For some reason, I grew up without having the kind of angry attitude about my disability that I have observed in others. Many people with disabilities express their disheartenment or disappointment over the fact that they have a disability by getting angry with people when they offer assistance. This can have a jaded impact on whether or not those same people decide to help others with disabilities in the future.
It would be a lie if I told you I do not get angry at the fact that I have a disability. I think that is normal for someone living with a condition that he/she cannot change or improve. My angry feeling takes a tone similar to someone with cancer who might say to themselves, “Why me? It is not fair.” I said that a couple of times when I was a child.
More often than not, I conclude that lashing out at someone who offers to help hurts the person with the disability more than it hurts the person trying to help. If you need help in the future, that help might not be there because you chose to lash out at the person offering help.
Why have I chosen to handle anger about my disability the way I have? It is because I do not want to come across as being bitter or pissy. Sometimes this is hard to do in situations where a person chooses to be ignorant or rude. That is their problem, not mine.
Assumptions are the worst type of ignorance. Because I am not shy, I choose to put myself in situations that many people with disabilities do not do, such as doing karaoke at a bowling alley, going midnight bowling, attending weekend concerts at local bars, watching Little League baseball games, or trying to get backstage at some of the rock concerts such as Bon Jovi or Styx. I may be making an assumption, but I do not see other people with disabilities at the kind of activities/events that I participate in or attend.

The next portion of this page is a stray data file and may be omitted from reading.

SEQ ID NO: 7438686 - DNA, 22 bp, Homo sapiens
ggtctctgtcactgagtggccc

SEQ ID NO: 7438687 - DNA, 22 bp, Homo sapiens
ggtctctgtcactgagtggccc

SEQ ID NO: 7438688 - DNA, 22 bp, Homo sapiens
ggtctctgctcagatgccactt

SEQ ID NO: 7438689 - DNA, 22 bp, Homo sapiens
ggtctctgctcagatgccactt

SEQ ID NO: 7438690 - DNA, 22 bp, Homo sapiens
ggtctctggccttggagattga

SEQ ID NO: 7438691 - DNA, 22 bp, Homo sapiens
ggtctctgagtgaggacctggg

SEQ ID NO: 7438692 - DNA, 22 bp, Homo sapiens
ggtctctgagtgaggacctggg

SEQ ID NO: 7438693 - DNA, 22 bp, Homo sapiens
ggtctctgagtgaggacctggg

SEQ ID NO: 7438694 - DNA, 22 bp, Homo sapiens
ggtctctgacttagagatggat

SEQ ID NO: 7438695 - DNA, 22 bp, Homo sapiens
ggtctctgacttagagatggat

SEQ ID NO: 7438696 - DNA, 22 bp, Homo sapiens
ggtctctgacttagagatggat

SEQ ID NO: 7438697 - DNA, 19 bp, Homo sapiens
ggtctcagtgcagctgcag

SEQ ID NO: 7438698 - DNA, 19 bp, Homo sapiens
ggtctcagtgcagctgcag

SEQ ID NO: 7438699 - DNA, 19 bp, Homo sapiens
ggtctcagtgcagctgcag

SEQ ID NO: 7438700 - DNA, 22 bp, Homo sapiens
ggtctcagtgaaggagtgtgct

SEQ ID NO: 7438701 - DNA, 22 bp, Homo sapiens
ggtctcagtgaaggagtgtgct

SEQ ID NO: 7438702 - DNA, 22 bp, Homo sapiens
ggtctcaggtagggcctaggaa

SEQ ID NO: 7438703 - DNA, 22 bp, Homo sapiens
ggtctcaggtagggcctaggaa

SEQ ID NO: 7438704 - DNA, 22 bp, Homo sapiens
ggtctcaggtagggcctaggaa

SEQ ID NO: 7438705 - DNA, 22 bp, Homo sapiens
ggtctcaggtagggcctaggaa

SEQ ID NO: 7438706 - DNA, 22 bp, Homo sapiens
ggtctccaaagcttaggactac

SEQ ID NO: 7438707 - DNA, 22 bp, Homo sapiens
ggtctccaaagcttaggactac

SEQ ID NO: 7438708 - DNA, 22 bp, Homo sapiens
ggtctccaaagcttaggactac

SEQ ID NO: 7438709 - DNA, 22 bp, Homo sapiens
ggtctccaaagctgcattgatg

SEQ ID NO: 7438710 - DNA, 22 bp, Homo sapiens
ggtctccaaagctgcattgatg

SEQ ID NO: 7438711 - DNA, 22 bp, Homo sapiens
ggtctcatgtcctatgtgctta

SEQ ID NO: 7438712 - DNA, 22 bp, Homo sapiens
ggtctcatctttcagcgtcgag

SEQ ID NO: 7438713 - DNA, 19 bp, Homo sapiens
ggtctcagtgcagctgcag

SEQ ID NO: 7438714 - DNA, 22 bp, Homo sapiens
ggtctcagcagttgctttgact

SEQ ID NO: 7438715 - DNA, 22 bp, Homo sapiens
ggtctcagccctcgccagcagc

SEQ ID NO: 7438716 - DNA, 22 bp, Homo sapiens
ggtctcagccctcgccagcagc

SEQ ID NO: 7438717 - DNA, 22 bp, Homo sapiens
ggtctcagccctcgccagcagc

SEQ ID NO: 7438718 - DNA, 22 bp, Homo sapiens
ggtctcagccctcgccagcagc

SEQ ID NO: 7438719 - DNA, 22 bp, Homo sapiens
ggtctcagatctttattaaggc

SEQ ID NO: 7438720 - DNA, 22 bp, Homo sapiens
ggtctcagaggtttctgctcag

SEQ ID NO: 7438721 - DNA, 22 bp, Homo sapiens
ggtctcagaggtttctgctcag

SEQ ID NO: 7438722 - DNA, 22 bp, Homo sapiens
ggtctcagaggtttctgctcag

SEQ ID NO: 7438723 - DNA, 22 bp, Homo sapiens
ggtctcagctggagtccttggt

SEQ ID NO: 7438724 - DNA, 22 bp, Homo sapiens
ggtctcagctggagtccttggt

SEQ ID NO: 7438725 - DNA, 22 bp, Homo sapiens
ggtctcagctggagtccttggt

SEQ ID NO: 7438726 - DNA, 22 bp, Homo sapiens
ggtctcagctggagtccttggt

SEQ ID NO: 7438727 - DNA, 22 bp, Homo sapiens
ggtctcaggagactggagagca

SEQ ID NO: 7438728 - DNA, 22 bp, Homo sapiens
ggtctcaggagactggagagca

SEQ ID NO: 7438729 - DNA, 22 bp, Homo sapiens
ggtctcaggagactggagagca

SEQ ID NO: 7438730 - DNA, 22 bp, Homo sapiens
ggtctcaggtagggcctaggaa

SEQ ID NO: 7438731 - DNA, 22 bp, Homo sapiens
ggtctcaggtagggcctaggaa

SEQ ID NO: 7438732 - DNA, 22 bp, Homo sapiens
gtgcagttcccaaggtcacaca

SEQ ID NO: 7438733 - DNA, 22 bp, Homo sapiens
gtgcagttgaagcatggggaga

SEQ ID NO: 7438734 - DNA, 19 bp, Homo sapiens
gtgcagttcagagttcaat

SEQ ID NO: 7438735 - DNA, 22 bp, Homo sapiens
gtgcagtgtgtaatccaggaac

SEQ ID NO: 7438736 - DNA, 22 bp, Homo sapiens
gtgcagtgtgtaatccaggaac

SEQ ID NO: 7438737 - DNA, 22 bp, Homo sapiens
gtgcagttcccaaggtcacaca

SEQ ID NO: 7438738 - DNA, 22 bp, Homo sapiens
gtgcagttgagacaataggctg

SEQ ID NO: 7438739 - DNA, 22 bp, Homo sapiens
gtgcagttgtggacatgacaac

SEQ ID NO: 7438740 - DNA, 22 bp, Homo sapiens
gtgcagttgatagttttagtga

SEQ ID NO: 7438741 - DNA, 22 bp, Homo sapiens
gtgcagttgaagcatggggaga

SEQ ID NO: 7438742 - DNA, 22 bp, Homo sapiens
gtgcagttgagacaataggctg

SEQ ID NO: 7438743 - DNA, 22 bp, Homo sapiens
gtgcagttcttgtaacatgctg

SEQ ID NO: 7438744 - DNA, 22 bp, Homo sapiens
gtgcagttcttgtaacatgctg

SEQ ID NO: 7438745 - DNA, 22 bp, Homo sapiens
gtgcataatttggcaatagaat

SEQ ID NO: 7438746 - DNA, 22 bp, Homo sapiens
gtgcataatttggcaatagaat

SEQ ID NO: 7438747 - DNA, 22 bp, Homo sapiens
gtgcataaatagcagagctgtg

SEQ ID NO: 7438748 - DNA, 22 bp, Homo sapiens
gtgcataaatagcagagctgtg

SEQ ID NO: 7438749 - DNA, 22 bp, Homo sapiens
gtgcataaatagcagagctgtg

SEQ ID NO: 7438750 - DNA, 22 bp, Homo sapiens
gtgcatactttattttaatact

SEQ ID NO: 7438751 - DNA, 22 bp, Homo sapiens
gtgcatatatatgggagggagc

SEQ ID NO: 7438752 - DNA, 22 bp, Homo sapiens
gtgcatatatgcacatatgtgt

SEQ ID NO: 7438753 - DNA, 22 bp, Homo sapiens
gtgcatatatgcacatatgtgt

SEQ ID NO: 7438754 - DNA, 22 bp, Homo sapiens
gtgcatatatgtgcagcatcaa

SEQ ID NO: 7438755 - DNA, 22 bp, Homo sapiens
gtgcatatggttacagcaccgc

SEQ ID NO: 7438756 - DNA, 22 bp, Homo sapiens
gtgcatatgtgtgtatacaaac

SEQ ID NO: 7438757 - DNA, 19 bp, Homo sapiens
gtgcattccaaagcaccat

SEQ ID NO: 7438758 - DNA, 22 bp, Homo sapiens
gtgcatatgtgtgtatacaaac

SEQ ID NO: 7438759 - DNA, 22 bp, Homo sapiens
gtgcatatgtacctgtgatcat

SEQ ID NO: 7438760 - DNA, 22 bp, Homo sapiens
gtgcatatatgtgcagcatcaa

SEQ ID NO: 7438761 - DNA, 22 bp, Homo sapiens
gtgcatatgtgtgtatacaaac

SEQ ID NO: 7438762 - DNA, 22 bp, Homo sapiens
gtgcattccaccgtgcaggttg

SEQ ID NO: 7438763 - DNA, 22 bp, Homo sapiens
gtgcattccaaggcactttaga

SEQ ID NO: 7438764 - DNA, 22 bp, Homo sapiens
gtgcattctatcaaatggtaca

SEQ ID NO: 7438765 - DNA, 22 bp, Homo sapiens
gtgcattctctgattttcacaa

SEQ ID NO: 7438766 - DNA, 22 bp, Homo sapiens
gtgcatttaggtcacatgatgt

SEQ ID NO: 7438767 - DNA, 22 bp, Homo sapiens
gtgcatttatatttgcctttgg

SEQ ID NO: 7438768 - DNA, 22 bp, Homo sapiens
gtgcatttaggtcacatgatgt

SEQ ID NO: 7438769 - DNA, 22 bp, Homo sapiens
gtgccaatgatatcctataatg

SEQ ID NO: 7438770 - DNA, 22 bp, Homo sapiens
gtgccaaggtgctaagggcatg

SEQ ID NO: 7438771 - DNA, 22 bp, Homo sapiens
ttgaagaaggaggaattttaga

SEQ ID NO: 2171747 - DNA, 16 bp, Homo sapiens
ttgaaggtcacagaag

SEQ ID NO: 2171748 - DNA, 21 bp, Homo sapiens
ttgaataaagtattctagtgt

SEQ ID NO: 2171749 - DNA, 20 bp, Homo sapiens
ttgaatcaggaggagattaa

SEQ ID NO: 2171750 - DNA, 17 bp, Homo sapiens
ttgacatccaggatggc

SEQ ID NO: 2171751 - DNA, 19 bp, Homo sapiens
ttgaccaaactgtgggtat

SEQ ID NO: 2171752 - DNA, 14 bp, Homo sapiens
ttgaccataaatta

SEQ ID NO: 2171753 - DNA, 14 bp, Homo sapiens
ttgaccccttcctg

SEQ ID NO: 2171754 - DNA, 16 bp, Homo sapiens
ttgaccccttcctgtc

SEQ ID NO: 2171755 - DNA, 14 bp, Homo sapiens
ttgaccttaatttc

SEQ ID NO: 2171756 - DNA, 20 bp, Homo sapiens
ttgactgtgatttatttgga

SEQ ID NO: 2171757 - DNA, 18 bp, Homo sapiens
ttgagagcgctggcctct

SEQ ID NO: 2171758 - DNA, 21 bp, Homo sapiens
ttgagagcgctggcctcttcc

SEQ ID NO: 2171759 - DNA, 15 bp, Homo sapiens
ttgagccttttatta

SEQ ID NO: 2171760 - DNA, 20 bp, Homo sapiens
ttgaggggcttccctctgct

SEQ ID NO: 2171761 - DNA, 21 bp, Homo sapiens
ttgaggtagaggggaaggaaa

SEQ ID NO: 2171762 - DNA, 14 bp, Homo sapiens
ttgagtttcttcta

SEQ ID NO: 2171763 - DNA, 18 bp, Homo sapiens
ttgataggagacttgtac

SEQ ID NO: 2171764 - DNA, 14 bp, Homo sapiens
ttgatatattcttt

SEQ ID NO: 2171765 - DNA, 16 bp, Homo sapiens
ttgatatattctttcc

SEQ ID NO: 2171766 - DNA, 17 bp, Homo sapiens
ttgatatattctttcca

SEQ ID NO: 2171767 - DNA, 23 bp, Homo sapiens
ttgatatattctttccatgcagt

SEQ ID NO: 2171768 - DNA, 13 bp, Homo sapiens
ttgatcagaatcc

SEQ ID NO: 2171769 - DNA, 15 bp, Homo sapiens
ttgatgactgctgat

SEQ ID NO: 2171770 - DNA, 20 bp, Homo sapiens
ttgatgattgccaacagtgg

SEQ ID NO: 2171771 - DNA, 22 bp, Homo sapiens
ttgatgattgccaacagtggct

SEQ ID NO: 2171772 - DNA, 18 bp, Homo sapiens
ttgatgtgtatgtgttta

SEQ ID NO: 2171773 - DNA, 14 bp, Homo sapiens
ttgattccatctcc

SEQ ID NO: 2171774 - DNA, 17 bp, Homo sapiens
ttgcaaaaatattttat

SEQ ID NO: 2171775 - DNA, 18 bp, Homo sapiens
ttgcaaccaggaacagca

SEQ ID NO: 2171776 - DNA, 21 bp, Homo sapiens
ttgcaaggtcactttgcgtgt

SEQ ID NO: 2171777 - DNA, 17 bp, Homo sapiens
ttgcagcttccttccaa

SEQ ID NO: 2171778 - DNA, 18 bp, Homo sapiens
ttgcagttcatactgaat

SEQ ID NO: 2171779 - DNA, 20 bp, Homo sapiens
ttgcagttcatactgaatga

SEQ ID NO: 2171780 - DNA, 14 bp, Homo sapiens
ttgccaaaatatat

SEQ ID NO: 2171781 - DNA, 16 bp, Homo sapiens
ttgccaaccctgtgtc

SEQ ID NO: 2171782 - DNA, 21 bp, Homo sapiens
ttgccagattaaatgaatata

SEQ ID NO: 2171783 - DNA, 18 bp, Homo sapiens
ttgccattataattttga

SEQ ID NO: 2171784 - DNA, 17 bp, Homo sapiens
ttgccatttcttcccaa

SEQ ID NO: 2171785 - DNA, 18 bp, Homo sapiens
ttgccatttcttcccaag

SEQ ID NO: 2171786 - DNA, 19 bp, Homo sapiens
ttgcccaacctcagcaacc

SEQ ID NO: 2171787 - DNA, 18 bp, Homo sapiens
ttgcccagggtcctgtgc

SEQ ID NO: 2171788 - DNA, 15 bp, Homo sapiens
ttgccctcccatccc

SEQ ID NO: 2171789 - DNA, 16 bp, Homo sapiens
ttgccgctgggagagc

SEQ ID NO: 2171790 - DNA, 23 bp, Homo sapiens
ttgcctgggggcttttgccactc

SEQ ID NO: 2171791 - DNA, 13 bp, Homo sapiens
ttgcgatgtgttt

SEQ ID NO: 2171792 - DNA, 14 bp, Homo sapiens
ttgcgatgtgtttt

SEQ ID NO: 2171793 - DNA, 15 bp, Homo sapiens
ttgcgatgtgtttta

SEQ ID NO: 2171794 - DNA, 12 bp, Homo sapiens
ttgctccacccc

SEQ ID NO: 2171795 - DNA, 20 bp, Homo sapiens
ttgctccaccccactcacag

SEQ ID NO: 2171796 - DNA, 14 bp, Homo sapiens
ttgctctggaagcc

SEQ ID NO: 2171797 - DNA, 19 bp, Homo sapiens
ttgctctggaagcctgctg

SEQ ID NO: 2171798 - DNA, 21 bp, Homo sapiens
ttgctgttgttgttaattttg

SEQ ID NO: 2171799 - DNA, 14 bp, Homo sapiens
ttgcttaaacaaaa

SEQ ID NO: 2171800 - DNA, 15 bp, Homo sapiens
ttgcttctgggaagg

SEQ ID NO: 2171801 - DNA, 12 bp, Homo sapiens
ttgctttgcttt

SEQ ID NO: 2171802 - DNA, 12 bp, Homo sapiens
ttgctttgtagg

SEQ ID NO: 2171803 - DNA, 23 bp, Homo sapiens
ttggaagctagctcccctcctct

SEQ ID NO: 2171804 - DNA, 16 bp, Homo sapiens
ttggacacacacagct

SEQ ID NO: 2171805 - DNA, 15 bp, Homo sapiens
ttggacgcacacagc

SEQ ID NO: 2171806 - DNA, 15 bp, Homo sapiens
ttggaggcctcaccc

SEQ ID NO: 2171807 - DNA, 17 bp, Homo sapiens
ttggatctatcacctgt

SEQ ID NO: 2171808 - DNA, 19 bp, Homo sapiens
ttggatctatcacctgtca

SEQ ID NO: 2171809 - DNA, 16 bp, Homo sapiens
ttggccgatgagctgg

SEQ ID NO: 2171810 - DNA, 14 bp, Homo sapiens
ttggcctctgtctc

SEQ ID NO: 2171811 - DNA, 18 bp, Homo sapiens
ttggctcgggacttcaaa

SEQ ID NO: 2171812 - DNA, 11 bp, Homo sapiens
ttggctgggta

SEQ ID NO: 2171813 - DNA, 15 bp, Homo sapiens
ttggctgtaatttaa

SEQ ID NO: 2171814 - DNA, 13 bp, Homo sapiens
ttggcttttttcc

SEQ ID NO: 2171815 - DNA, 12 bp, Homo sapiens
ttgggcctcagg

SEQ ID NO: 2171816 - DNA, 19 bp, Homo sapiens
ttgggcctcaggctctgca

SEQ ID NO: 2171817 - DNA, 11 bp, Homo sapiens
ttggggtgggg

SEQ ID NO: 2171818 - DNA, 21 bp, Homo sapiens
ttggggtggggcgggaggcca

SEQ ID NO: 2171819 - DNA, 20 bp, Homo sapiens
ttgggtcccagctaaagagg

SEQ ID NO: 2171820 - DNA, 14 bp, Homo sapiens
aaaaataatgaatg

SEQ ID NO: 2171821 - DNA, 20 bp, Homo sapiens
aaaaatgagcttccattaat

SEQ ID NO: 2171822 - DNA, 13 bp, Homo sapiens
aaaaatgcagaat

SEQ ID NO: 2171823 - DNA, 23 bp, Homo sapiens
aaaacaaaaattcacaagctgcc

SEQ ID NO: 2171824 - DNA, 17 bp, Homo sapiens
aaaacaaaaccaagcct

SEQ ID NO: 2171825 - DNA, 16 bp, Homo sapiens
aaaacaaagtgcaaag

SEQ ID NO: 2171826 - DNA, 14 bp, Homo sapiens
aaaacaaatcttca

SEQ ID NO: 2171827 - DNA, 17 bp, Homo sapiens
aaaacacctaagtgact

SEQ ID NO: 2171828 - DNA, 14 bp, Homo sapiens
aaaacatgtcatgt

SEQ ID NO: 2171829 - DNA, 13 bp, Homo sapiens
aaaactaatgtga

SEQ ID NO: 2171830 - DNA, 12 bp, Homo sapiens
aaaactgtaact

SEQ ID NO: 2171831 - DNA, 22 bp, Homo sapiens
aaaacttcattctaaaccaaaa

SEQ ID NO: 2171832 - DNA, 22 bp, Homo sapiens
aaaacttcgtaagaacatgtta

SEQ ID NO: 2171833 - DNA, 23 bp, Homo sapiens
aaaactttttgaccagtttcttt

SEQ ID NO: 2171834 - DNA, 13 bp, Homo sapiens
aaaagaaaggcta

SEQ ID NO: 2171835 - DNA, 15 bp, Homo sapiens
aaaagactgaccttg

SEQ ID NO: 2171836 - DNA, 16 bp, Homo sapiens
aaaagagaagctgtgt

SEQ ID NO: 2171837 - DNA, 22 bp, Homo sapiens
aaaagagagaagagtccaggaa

On weekends when I have been out at a local entertainment establishment listening to bands and dancing along with everybody else, I have chosen not to take it personally and to get angry when some of the women on the dance floor turned away from me. They may have turned away because of my disability, but the way I look at it is that they are dancing with their friends and do not want to dance with me.
Or maybe their boyfriends or husbands are there, but not on the dance floor, and they do not want to cause problems for themselves by dancing with somebody else. Other times there are women who do not have a problem dancing with me even though their husband or boyfriend might be there.
Being involved and active in the community is important to achieve a balance in life. Focusing on only one aspect of life that causes you anger will not create opportunities. You cannot change people’s initial impressions, however, your attitude may have a positive impact in bringing more people and opportunities into your life that could lead to friendships, companionship, marriage and creating a family. This can happen when people see you as a person, not just someone with a disability AND a bad attitude.